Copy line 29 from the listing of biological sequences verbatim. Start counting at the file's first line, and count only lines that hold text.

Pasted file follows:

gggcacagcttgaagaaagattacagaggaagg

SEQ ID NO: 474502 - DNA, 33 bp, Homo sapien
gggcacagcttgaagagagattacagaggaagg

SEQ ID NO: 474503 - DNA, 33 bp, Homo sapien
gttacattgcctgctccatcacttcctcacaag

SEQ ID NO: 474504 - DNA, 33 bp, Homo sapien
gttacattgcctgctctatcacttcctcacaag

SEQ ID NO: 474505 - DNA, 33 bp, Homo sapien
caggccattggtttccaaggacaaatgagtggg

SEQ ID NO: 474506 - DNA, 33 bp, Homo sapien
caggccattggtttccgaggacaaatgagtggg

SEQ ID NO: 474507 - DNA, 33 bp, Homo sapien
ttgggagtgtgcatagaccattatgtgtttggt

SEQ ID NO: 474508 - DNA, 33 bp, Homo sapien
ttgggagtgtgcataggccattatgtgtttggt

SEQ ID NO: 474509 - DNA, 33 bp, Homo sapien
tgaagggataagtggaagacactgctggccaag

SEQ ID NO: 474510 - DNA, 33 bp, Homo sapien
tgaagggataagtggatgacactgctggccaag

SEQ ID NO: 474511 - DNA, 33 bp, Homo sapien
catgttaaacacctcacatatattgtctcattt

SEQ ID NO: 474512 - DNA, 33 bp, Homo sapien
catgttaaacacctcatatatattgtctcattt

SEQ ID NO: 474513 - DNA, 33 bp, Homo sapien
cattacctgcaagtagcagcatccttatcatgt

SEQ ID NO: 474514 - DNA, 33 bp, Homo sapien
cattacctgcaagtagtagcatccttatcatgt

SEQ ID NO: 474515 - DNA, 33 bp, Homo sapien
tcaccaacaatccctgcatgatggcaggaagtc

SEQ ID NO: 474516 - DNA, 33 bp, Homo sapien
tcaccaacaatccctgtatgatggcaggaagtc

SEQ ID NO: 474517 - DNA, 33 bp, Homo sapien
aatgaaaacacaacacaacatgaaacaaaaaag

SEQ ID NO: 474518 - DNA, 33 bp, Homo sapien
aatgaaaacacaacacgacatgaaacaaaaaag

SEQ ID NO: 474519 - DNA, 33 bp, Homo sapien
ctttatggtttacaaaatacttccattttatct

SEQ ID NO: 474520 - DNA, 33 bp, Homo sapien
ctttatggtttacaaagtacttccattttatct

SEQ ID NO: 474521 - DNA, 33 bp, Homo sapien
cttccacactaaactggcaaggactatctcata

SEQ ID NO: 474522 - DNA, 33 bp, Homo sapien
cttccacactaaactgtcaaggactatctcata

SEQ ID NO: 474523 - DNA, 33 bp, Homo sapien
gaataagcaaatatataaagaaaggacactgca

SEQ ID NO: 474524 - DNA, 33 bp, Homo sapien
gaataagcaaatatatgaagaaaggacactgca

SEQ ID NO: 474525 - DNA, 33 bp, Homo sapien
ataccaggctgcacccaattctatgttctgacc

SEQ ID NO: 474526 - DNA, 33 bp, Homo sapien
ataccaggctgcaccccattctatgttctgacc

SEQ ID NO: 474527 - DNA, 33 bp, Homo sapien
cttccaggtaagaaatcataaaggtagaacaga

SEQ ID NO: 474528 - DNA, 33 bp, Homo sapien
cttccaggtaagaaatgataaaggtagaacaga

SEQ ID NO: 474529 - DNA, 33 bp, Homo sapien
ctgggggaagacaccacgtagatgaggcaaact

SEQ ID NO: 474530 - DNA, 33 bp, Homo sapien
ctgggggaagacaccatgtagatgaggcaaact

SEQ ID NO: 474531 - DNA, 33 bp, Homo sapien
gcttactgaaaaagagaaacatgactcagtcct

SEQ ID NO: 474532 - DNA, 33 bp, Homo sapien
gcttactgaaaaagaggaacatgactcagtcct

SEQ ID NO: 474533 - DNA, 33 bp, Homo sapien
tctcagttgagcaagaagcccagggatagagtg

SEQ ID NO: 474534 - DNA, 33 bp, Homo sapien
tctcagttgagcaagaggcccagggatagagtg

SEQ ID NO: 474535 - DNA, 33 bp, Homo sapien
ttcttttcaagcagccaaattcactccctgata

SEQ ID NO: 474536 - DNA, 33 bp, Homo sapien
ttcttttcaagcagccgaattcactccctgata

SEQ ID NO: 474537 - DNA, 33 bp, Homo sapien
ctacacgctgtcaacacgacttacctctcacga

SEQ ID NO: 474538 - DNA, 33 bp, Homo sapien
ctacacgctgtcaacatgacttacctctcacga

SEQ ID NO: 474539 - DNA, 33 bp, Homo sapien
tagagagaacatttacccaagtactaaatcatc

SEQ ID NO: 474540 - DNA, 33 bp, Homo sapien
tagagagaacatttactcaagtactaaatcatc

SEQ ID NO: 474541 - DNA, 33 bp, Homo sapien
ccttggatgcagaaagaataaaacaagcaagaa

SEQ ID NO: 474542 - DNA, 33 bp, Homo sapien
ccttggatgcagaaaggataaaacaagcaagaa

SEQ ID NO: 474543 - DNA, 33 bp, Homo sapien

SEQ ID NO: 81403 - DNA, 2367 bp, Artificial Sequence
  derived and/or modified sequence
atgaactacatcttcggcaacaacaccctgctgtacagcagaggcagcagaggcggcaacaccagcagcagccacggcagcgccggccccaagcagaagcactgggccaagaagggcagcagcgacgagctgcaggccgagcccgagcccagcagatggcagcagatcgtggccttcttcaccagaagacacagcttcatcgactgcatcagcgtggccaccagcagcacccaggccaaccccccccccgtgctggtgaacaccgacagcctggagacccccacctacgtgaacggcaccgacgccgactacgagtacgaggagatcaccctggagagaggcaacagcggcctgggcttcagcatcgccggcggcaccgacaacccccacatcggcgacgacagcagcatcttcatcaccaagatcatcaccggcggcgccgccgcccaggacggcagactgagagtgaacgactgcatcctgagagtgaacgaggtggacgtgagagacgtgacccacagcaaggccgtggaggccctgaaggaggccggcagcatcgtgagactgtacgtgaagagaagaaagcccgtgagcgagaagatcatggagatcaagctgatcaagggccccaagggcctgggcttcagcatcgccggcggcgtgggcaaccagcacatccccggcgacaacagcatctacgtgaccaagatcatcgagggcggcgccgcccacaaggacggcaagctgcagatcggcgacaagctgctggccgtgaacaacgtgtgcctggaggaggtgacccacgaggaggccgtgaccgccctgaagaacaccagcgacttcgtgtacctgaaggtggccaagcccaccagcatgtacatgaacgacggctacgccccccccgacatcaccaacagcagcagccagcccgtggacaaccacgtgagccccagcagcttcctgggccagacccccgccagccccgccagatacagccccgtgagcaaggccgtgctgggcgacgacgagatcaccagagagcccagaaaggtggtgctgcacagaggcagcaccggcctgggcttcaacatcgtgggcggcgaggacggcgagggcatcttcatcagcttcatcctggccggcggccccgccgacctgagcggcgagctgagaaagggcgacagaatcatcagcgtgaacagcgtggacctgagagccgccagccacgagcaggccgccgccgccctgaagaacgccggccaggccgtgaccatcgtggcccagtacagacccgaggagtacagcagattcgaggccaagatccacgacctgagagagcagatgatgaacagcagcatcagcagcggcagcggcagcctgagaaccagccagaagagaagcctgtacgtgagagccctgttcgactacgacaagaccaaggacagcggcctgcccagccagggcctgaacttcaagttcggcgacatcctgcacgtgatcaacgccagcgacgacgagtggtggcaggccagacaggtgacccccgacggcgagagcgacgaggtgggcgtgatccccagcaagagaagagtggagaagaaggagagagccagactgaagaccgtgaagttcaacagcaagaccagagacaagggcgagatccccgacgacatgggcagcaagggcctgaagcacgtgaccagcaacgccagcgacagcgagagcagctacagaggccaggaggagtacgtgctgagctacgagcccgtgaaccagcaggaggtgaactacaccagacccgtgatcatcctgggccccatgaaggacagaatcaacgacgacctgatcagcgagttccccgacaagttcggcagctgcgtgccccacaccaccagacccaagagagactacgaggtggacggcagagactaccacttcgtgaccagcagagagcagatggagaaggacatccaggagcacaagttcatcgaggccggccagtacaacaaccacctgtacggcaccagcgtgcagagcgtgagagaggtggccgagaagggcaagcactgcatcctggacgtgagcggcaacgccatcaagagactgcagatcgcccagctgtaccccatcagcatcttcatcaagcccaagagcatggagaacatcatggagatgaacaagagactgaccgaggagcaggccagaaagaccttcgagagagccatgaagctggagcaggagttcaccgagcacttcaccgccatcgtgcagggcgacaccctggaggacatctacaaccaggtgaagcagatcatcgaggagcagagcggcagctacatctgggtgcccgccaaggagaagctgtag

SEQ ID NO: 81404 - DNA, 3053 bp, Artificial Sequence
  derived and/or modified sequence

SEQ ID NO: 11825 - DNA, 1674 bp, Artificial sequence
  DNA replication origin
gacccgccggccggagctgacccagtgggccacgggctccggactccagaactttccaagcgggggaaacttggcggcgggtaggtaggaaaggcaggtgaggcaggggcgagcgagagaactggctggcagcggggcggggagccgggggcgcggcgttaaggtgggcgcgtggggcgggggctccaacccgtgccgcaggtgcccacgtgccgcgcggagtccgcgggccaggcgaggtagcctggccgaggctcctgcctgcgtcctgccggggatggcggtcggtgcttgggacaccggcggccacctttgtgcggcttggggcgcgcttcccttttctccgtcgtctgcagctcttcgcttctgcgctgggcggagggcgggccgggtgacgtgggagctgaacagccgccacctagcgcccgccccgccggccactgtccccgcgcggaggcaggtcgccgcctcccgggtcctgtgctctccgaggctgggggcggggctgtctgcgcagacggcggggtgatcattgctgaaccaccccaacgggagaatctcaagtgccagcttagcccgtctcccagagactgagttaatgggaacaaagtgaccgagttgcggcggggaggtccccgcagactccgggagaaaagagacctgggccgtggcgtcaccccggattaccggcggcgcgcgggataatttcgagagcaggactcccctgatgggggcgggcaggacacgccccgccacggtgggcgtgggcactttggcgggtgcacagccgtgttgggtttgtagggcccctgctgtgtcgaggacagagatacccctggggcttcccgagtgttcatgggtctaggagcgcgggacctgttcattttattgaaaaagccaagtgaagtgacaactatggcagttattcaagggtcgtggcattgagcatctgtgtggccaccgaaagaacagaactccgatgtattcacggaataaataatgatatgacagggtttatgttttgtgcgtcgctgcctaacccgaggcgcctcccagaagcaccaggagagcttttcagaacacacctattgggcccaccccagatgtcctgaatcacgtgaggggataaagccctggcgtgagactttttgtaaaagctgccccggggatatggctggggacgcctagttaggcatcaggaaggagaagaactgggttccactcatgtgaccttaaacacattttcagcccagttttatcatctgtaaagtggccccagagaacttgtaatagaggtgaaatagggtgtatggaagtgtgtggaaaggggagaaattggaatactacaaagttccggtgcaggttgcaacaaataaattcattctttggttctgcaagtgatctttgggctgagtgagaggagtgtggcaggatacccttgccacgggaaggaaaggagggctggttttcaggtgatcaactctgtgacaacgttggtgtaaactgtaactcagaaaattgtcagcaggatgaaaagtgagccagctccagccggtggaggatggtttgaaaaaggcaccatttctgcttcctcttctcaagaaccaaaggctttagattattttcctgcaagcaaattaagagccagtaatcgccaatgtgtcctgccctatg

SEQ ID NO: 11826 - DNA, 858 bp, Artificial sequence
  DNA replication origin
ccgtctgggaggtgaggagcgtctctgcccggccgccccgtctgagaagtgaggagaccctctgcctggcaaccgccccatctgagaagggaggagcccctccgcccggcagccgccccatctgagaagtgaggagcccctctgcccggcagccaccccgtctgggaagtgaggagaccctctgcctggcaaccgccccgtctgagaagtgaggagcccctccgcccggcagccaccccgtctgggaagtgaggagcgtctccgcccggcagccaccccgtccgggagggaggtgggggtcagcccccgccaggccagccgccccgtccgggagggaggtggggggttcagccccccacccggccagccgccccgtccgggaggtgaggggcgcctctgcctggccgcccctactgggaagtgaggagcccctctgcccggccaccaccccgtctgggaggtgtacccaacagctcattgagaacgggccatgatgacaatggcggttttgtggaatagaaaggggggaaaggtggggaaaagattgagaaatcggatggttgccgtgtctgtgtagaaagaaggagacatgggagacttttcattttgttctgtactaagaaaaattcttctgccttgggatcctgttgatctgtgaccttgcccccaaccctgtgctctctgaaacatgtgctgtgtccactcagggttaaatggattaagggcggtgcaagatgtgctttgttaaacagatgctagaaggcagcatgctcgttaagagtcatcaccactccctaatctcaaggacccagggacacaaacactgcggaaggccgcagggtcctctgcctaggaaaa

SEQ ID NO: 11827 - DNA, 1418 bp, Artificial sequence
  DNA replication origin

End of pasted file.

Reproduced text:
tcaccaacaatccctgcatgatggcaggaagtc